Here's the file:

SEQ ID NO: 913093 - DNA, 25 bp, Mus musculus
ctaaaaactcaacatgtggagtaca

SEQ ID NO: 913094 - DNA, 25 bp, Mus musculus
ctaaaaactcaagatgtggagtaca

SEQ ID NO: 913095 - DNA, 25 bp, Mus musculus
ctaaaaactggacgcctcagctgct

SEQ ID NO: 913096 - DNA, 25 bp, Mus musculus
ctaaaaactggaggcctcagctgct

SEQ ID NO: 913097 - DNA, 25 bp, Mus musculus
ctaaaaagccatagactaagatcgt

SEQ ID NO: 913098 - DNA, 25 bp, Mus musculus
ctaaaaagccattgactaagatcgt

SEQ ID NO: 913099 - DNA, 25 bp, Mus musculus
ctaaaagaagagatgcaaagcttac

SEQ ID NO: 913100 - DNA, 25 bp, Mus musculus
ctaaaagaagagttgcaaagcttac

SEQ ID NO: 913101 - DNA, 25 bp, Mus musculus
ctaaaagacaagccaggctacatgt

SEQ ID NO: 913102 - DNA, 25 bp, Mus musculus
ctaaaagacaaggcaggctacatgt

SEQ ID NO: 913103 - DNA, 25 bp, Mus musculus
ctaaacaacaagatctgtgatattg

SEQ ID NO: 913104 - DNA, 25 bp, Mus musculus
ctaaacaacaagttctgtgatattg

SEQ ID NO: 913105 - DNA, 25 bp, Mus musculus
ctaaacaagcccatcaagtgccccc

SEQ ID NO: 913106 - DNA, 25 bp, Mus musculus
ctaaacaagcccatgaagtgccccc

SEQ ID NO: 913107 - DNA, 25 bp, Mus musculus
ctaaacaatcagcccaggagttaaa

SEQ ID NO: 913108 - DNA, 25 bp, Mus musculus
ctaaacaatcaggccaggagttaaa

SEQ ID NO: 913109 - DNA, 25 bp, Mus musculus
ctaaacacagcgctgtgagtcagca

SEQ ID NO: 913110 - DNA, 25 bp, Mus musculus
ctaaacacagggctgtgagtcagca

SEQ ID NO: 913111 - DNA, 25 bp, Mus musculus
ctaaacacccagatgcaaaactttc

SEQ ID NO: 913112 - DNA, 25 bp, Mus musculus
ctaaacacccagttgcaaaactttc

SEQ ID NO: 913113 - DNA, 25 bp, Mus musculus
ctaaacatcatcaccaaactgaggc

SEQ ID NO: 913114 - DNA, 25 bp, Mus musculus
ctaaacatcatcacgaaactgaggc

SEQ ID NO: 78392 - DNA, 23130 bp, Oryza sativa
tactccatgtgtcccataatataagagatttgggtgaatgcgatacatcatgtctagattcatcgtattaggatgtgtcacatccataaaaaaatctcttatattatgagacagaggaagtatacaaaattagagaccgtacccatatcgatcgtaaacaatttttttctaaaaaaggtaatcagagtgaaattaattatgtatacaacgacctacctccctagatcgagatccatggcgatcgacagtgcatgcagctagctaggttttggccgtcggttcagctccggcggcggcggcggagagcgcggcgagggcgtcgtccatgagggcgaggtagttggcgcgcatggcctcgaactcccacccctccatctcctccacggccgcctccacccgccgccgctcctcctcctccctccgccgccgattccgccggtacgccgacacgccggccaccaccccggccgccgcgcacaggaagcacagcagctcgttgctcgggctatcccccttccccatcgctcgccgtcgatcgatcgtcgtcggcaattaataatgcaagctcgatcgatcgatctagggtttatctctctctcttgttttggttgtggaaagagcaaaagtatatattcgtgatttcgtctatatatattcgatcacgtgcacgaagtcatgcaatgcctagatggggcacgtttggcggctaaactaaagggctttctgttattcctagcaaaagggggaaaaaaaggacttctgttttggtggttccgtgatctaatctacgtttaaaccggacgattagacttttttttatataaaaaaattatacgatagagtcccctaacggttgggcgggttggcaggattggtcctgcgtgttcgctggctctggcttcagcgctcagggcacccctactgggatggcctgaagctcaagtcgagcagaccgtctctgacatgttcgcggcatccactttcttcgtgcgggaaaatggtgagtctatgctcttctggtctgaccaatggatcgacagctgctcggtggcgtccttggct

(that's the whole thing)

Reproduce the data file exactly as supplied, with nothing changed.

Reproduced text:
SEQ ID NO: 913093 - DNA, 25 bp, Mus musculus
ctaaaaactcaacatgtggagtaca

SEQ ID NO: 913094 - DNA, 25 bp, Mus musculus
ctaaaaactcaagatgtggagtaca

SEQ ID NO: 913095 - DNA, 25 bp, Mus musculus
ctaaaaactggacgcctcagctgct

SEQ ID NO: 913096 - DNA, 25 bp, Mus musculus
ctaaaaactggaggcctcagctgct

SEQ ID NO: 913097 - DNA, 25 bp, Mus musculus
ctaaaaagccatagactaagatcgt

SEQ ID NO: 913098 - DNA, 25 bp, Mus musculus
ctaaaaagccattgactaagatcgt

SEQ ID NO: 913099 - DNA, 25 bp, Mus musculus
ctaaaagaagagatgcaaagcttac

SEQ ID NO: 913100 - DNA, 25 bp, Mus musculus
ctaaaagaagagttgcaaagcttac

SEQ ID NO: 913101 - DNA, 25 bp, Mus musculus
ctaaaagacaagccaggctacatgt

SEQ ID NO: 913102 - DNA, 25 bp, Mus musculus
ctaaaagacaaggcaggctacatgt

SEQ ID NO: 913103 - DNA, 25 bp, Mus musculus
ctaaacaacaagatctgtgatattg

SEQ ID NO: 913104 - DNA, 25 bp, Mus musculus
ctaaacaacaagttctgtgatattg

SEQ ID NO: 913105 - DNA, 25 bp, Mus musculus
ctaaacaagcccatcaagtgccccc

SEQ ID NO: 913106 - DNA, 25 bp, Mus musculus
ctaaacaagcccatgaagtgccccc

SEQ ID NO: 913107 - DNA, 25 bp, Mus musculus
ctaaacaatcagcccaggagttaaa

SEQ ID NO: 913108 - DNA, 25 bp, Mus musculus
ctaaacaatcaggccaggagttaaa

SEQ ID NO: 913109 - DNA, 25 bp, Mus musculus
ctaaacacagcgctgtgagtcagca

SEQ ID NO: 913110 - DNA, 25 bp, Mus musculus
ctaaacacagggctgtgagtcagca

SEQ ID NO: 913111 - DNA, 25 bp, Mus musculus
ctaaacacccagatgcaaaactttc

SEQ ID NO: 913112 - DNA, 25 bp, Mus musculus
ctaaacacccagttgcaaaactttc

SEQ ID NO: 913113 - DNA, 25 bp, Mus musculus
ctaaacatcatcaccaaactgaggc

SEQ ID NO: 913114 - DNA, 25 bp, Mus musculus
ctaaacatcatcacgaaactgaggc

SEQ ID NO: 78392 - DNA, 23130 bp, Oryza sativa
tactccatgtgtcccataatataagagatttgggtgaatgcgatacatcatgtctagattcatcgtattaggatgtgtcacatccataaaaaaatctcttatattatgagacagaggaagtatacaaaattagagaccgtacccatatcgatcgtaaacaatttttttctaaaaaaggtaatcagagtgaaattaattatgtatacaacgacctacctccctagatcgagatccatggcgatcgacagtgcatgcagctagctaggttttggccgtcggttcagctccggcggcggcggcggagagcgcggcgagggcgtcgtccatgagggcgaggtagttggcgcgcatggcctcgaactcccacccctccatctcctccacggccgcctccacccgccgccgctcctcctcctccctccgccgccgattccgccggtacgccgacacgccggccaccaccccggccgccgcgcacaggaagcacagcagctcgttgctcgggctatcccccttccccatcgctcgccgtcgatcgatcgtcgtcggcaattaataatgcaagctcgatcgatcgatctagggtttatctctctctcttgttttggttgtggaaagagcaaaagtatatattcgtgatttcgtctatatatattcgatcacgtgcacgaagtcatgcaatgcctagatggggcacgtttggcggctaaactaaagggctttctgttattcctagcaaaagggggaaaaaaaggacttctgttttggtggttccgtgatctaatctacgtttaaaccggacgattagacttttttttatataaaaaaattatacgatagagtcccctaacggttgggcgggttggcaggattggtcctgcgtgttcgctggctctggcttcagcgctcagggcacccctactgggatggcctgaagctcaagtcgagcagaccgtctctgacatgttcgcggcatccactttcttcgtgcgggaaaatggtgagtctatgctcttctggtctgaccaatggatcgacagctgctcggtggcgtccttggct